Illinois’ national marketing campaign touts the state as the “Land of Lincoln”, but over the past few decades, it has garnered a well-worn reputation as the “Land of Lawsuits.”
The state’s lawsuit climate has consistently ranked among the bottom ten states in ILR’s Lawsuit Climate: Ranking the States survey, falling to an all-time low 48th in 2015. Two big reasons for the state’s poor legal reputation are the courts in Cook and Madison counties, which are ranked among the list of national cities having the least fair and reasonable litigation environment.
Fighting the good fight to help fix Illinois’ abusive lawsuit climate is the Illinois Civil Justice League (ICJL), which has been a valued partner in the legal reform effort for more than 20 years. Longtime Illinois political and government affairs professional John Pastuovic took the ICJL reins last year.
We caught up with John to discuss ICJL’s work to bring common sense, meaningful legal reforms to Illinois.
ICJL has been fighting for lawsuit reform in Illinois for more than two decades in a mostly hostile legal and legislative climate. Can you tell us a bit about your history and successes?
ICJL was formed in February 1993 to fight for a civil justice system that is fair to all Illinoisians. We have helped foster reform success in both the State legislature and the Illinois courts, fighting for a comprehensive civil justice reform law in 1995, only to see the Illinois Supreme Court narrowly overturn the law in 1997. In response to abuse of the [Madison and St. Clair County] court systems, the Illinois Civil Justice League has fought out-of-control filings of class action suits and helped secure the passage of a comprehensive medical liability reform law in 2005.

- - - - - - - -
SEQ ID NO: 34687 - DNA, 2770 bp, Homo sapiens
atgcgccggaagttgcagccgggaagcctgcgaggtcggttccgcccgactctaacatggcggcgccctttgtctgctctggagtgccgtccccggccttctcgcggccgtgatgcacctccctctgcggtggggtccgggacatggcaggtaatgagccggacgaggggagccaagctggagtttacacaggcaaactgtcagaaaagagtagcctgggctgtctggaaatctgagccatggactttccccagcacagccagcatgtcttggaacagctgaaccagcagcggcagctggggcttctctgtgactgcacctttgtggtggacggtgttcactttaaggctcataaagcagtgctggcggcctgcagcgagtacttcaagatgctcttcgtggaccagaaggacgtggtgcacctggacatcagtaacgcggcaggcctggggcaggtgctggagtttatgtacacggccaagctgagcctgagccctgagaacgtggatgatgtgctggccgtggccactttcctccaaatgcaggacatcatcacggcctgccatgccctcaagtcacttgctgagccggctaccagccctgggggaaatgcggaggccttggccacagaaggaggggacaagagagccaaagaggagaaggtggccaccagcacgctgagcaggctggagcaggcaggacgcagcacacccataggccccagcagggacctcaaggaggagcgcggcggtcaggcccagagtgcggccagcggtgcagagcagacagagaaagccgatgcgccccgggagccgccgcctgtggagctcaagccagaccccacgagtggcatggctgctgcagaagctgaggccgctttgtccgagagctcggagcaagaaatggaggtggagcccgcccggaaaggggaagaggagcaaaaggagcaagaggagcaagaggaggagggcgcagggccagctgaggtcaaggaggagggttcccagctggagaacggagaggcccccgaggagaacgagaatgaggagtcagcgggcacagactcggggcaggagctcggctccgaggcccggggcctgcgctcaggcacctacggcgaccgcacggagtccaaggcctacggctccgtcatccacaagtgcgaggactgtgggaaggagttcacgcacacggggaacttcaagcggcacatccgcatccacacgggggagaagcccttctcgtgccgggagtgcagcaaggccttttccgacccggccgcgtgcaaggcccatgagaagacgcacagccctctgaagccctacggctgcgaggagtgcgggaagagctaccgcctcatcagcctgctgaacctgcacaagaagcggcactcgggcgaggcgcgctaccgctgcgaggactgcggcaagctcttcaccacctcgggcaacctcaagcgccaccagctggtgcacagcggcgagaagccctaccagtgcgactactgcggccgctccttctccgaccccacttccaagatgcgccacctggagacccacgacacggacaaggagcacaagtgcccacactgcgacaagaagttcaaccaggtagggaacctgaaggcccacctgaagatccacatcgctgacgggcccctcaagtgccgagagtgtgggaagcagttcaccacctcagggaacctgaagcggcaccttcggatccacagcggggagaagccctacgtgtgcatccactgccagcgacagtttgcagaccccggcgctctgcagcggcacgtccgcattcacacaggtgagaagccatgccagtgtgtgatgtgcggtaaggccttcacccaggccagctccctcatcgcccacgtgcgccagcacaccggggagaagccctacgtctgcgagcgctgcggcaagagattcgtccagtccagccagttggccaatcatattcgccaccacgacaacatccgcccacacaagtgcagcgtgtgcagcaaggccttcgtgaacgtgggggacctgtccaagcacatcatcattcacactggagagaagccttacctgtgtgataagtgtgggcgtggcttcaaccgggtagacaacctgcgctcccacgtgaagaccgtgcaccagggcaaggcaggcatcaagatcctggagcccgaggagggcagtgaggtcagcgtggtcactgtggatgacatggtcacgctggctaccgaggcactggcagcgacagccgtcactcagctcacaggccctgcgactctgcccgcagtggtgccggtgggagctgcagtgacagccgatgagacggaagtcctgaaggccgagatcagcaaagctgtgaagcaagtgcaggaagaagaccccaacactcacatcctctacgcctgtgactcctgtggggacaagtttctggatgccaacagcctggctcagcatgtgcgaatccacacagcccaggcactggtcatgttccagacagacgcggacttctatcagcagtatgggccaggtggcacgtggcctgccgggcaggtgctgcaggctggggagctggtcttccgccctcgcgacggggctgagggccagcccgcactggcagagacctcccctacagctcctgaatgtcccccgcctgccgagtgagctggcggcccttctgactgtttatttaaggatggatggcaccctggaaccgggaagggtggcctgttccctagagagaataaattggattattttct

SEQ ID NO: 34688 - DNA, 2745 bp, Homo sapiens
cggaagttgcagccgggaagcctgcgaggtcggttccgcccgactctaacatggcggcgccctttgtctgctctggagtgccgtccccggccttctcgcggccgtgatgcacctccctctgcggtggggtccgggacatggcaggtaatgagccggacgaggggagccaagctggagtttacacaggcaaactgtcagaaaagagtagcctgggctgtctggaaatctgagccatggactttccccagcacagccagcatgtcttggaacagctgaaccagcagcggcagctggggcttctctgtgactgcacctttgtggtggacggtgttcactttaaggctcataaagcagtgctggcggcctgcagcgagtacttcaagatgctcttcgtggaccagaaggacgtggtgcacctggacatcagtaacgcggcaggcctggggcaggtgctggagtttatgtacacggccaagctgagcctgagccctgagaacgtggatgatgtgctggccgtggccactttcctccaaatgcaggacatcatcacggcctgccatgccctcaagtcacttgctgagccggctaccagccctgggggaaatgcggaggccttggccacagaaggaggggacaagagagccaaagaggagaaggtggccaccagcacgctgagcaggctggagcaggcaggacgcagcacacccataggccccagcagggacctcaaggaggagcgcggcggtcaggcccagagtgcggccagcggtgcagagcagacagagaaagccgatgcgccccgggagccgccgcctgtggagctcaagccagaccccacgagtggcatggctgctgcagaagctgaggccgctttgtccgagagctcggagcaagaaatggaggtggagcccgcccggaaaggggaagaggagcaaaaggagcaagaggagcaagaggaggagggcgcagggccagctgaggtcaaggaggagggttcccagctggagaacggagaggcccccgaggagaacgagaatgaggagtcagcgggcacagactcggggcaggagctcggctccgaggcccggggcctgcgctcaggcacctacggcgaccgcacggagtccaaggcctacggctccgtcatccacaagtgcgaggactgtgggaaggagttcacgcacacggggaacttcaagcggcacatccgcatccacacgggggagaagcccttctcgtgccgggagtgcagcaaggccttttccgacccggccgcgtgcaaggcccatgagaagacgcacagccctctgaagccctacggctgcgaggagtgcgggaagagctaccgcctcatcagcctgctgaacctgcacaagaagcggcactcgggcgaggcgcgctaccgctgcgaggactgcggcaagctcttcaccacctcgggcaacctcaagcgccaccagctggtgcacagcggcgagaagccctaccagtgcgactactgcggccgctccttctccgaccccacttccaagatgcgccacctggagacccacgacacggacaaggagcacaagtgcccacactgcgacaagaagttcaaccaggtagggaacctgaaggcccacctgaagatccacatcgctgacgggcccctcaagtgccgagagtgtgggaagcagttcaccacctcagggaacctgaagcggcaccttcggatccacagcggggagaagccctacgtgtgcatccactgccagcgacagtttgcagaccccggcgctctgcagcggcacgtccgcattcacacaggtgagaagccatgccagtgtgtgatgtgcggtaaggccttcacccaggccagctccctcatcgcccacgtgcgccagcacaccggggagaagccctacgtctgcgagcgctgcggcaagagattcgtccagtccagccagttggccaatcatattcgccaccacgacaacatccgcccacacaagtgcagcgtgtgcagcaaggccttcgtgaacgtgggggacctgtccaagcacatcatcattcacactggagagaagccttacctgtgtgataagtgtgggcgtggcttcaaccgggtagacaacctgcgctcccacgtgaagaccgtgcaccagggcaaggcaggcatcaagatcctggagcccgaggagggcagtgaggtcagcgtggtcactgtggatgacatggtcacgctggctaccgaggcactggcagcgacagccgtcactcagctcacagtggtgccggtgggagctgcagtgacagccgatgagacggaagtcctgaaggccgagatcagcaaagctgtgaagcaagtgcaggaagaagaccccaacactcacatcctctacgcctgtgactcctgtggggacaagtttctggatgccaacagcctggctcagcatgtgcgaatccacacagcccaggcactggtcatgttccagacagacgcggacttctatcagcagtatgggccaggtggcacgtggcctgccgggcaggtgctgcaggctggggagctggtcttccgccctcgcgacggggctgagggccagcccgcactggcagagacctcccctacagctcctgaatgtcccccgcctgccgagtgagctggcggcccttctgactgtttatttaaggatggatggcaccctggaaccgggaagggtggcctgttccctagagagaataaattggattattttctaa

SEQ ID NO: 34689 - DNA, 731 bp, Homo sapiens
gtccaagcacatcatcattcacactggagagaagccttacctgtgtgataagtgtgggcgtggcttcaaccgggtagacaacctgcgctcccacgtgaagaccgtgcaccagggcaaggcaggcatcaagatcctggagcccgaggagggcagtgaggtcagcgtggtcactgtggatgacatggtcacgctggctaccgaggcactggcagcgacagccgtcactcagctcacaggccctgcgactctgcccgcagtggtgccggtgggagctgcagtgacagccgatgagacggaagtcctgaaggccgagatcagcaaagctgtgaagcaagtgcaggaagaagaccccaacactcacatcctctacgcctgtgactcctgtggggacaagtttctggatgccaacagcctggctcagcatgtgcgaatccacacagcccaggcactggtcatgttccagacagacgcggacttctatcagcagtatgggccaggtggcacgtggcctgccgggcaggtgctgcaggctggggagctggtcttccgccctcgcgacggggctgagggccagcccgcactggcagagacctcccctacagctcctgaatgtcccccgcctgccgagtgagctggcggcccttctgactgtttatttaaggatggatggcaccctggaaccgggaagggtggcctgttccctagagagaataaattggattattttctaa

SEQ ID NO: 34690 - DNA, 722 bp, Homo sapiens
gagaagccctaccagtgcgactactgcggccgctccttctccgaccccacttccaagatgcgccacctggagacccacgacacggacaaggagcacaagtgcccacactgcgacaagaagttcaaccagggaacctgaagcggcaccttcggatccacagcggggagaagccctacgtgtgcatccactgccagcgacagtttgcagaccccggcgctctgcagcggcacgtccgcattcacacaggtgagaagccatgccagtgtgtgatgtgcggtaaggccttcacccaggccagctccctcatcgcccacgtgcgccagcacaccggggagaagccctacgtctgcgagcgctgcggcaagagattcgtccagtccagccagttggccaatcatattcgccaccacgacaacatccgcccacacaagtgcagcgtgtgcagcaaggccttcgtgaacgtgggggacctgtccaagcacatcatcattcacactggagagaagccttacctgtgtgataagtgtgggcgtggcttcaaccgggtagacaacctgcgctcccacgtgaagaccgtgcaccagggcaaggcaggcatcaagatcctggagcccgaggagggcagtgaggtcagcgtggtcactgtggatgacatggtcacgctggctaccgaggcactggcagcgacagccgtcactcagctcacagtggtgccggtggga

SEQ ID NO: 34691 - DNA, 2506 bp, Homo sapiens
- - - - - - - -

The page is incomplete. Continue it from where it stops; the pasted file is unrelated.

Unfortunately, that law was also struck down by the Supreme Court in 2007. However, attention brought by reformers in these efforts have helped bring civil justice reform into the forefront of Illinois policymaking. .
Illinois took a step forward in 2014 with the election of pro-legal reform Governor Bruce Rauner. What are some of his priorities and how is ICJL working with him to make them a reality?
Governor Rauner has been a strong proponent for civil justice reform, and has incorporated it into his Turnaround Agenda for Illinois. He understands the impact of the one-sided changes that Illinois’ plaintiffs’ attorneys have added into the Illinois statutes – meaning that they continue to cost Illinois businesses and citizens opportunities and employment. He supports civil justice reforms because they can help stimulate and improve the Illinois economy. Governor Rauner understands that bringing more jobs and opportunity to Illinois’ economy can solve many of the budgetary problems plaguing the state.
After he was elected, he invited me to serve on his transition team. His administration has been in close contact with ICJL on all things legal reform since that time. We all witnessed the governor’s commitment to civil justice reform when he stood with us at the Chicago announcement of ILR’s 2015 Lawsuit Climate survey.
We continue to work with the governor for passage of venue reform and for changes in the joint and several liability standards to bring greater fairness to the Illinois courts. I think when you look at the large number of out-of-county and out-of-state asbestos lawsuits flowing into Madison County, you realize how important venue reform would be to fixing our state’s legal climate.
Speaking of Madison County, can you speak more about the out-of-state asbestos litigation flowing into those courts?